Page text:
We made it across the ocean purely by sail, with an electric motor, and most of all, without a diesel motor! While we felt accomplished by this feat, Wisdom was looking pretty tired.
Since we never motored, and instead were under sail the whole journey, we were also heeled over the whole time. We usually sail at around 10 to 15 degrees of heel, and that means that our topsides go into the water on the leeward side. This has never been an issue, even in the pea soup waters of the Chesapeake Bay, because they were never under the water for very much time. We would sail by day and anchor by night, most importantly, we would dry out by night.
Our topside paint was old and beginning to peel, making the surface porous and prime to grow fouling growth. Being heeled over with the topsides under water for days on end the paint grew some nasty fuzzy fuzzies. We knew we needed more than just a good washing; for it was time to repaint the topsides.
Labor in the Azores is very reasonable. 6 years ago, I painted the topsides myself because the cost of having the topsides painted was prohibitive! I received 3 estimates, all ranging around $20,000 to paint the topsides. Needless to say, I painted it myself for a grand total of $800 in materials.
Maddie and I were planning on painting the boat ourselves, until a worker in the yard offered to paint us for € 2,000. We quickly discussed the offer and decided that I could go back to the states and work as a Dentist for the same amount of time that it would take for them to paint the boat, which would pay for the project but be a lot less taxing on my body. The decision was made, and a handshake agreement sealed the deal. I now owed Paulo € 2,000 and he owed me a bright white hull.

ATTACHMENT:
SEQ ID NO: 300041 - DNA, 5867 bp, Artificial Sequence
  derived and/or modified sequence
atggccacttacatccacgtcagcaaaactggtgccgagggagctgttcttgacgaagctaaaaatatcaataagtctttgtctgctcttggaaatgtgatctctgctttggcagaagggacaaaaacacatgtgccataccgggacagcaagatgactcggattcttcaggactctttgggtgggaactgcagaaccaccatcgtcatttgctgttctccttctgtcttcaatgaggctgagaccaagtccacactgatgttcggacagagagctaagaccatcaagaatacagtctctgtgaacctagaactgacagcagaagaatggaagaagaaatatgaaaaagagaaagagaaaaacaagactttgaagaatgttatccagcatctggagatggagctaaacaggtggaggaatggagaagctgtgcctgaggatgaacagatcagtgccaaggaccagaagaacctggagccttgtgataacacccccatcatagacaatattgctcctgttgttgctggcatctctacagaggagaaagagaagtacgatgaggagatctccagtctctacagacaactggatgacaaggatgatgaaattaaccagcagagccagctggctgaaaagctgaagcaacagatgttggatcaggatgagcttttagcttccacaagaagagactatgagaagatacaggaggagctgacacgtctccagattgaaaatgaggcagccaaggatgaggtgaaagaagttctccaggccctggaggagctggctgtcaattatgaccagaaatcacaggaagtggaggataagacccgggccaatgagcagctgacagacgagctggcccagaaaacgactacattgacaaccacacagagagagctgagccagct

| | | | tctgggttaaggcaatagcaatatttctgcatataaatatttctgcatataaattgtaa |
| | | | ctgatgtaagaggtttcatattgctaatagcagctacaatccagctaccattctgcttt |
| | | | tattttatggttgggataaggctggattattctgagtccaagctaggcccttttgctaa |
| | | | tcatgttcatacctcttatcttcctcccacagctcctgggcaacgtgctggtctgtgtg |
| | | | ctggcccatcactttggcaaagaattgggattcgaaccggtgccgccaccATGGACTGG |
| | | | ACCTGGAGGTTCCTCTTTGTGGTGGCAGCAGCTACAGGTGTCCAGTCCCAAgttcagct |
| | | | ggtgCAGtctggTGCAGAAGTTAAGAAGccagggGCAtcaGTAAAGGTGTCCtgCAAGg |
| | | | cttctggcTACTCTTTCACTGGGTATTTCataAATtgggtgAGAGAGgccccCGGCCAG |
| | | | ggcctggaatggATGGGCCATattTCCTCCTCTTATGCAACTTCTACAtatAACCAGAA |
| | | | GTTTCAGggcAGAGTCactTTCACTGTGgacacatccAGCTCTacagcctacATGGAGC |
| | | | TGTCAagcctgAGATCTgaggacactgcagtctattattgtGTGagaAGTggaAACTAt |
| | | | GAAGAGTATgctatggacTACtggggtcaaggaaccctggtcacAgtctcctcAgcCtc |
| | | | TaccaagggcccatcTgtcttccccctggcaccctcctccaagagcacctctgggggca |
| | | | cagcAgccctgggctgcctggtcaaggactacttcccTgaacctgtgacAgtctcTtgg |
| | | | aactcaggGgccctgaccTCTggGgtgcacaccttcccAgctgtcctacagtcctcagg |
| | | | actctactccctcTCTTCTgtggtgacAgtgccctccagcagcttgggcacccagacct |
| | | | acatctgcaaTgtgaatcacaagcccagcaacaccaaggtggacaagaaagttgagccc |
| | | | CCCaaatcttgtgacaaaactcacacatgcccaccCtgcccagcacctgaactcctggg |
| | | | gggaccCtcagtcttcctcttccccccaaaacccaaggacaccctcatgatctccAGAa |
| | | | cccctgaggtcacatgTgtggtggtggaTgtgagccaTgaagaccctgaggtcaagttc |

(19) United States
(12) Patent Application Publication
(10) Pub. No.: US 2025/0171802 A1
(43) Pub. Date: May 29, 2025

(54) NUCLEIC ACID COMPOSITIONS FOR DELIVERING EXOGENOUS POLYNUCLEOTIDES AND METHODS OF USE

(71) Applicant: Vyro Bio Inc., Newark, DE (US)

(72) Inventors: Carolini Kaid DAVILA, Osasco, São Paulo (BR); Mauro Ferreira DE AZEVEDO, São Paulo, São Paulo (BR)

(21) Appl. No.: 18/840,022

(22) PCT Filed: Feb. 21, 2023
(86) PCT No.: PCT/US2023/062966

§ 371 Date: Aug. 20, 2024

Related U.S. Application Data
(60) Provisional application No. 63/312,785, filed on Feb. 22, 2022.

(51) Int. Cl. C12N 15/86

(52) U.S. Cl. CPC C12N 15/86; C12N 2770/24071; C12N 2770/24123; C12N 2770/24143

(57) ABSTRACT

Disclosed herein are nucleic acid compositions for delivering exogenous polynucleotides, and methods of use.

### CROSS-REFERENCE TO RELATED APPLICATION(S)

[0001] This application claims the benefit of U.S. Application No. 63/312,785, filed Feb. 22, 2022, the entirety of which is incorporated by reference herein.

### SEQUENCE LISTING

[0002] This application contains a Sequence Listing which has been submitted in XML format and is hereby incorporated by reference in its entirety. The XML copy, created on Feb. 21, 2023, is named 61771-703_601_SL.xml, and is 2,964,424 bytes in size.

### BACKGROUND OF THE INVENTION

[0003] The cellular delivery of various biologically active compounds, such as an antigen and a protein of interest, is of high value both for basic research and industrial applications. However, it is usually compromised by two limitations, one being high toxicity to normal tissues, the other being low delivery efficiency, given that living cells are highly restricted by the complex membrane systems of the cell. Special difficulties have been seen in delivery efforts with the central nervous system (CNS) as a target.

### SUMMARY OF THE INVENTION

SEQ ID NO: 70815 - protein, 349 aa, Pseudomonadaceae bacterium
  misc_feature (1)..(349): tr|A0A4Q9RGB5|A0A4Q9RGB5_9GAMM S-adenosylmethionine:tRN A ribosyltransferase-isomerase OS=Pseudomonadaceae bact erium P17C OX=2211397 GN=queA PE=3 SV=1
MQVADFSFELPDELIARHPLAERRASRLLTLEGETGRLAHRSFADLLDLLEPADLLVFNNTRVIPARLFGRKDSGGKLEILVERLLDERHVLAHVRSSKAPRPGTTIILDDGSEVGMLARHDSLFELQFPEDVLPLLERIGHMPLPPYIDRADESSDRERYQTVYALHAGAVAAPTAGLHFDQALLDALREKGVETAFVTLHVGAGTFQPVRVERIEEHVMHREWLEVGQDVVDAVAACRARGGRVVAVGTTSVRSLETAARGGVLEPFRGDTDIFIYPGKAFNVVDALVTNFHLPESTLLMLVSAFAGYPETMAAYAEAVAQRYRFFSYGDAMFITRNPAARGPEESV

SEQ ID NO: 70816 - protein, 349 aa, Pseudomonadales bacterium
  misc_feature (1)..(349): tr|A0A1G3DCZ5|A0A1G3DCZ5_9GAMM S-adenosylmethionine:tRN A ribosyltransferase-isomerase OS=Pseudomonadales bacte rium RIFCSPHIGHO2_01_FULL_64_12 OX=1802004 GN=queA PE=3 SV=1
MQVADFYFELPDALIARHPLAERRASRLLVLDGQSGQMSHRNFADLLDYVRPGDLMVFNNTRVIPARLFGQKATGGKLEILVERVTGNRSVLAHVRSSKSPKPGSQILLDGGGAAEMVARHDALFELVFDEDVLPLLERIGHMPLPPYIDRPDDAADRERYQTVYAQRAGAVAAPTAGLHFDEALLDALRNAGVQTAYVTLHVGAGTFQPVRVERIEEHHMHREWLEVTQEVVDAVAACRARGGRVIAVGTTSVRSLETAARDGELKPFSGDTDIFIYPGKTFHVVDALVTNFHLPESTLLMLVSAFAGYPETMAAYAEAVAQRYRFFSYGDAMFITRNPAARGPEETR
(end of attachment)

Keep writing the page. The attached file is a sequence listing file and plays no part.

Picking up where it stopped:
Painting is easy, but prepping the topsides is where the real labor lies. The first step for Paulo was to sand off all the old paint and take the hull down to the gel coat, which in our case, was a lovely shade of Fighting Lady Yellow.
The long and laborious project has begun, which has snowballed into a long list of projects that are going to take place while we are on the hard.
The rudder did not break during the beaching, but actually during the recovery process. The rudder had dug itself into the sand, and when the boat turned during the salvage, the rudder wanted to stay put.
The keel rotated around the rudder (instead of the rudder on the keel) and turned past the limits of the rudder.
The top and bottom of the rudder snaked into the keel and chipped off bottom paint as well as producing some damage on the rudder's skin.
The first step in the repair process is to sand away the area to reveal any hidden damage or cracks. All cracks are then ground out. The core of the rudder is then inspected for water intrusion and moisture.
Luckily, in our case, the rudder is filled with a foam that will not accept water, so there was no moisture in the body of the rudder. The bottom only suffered a compression, but no crack.
The voids were filled in with fiberglass and epoxy with 406 thickening agent and allowed to cure. This was then covered with epoxy and 407 fairing compound, making it easier to sand the final fix into the airfoil shape of the rudder blade.
Steering is critical, it means the difference between a yacht and a shelter! This was the repair needed for the external damage to the rudder, but we still have to deal with the internal damage that occurred: the rudder quadrant.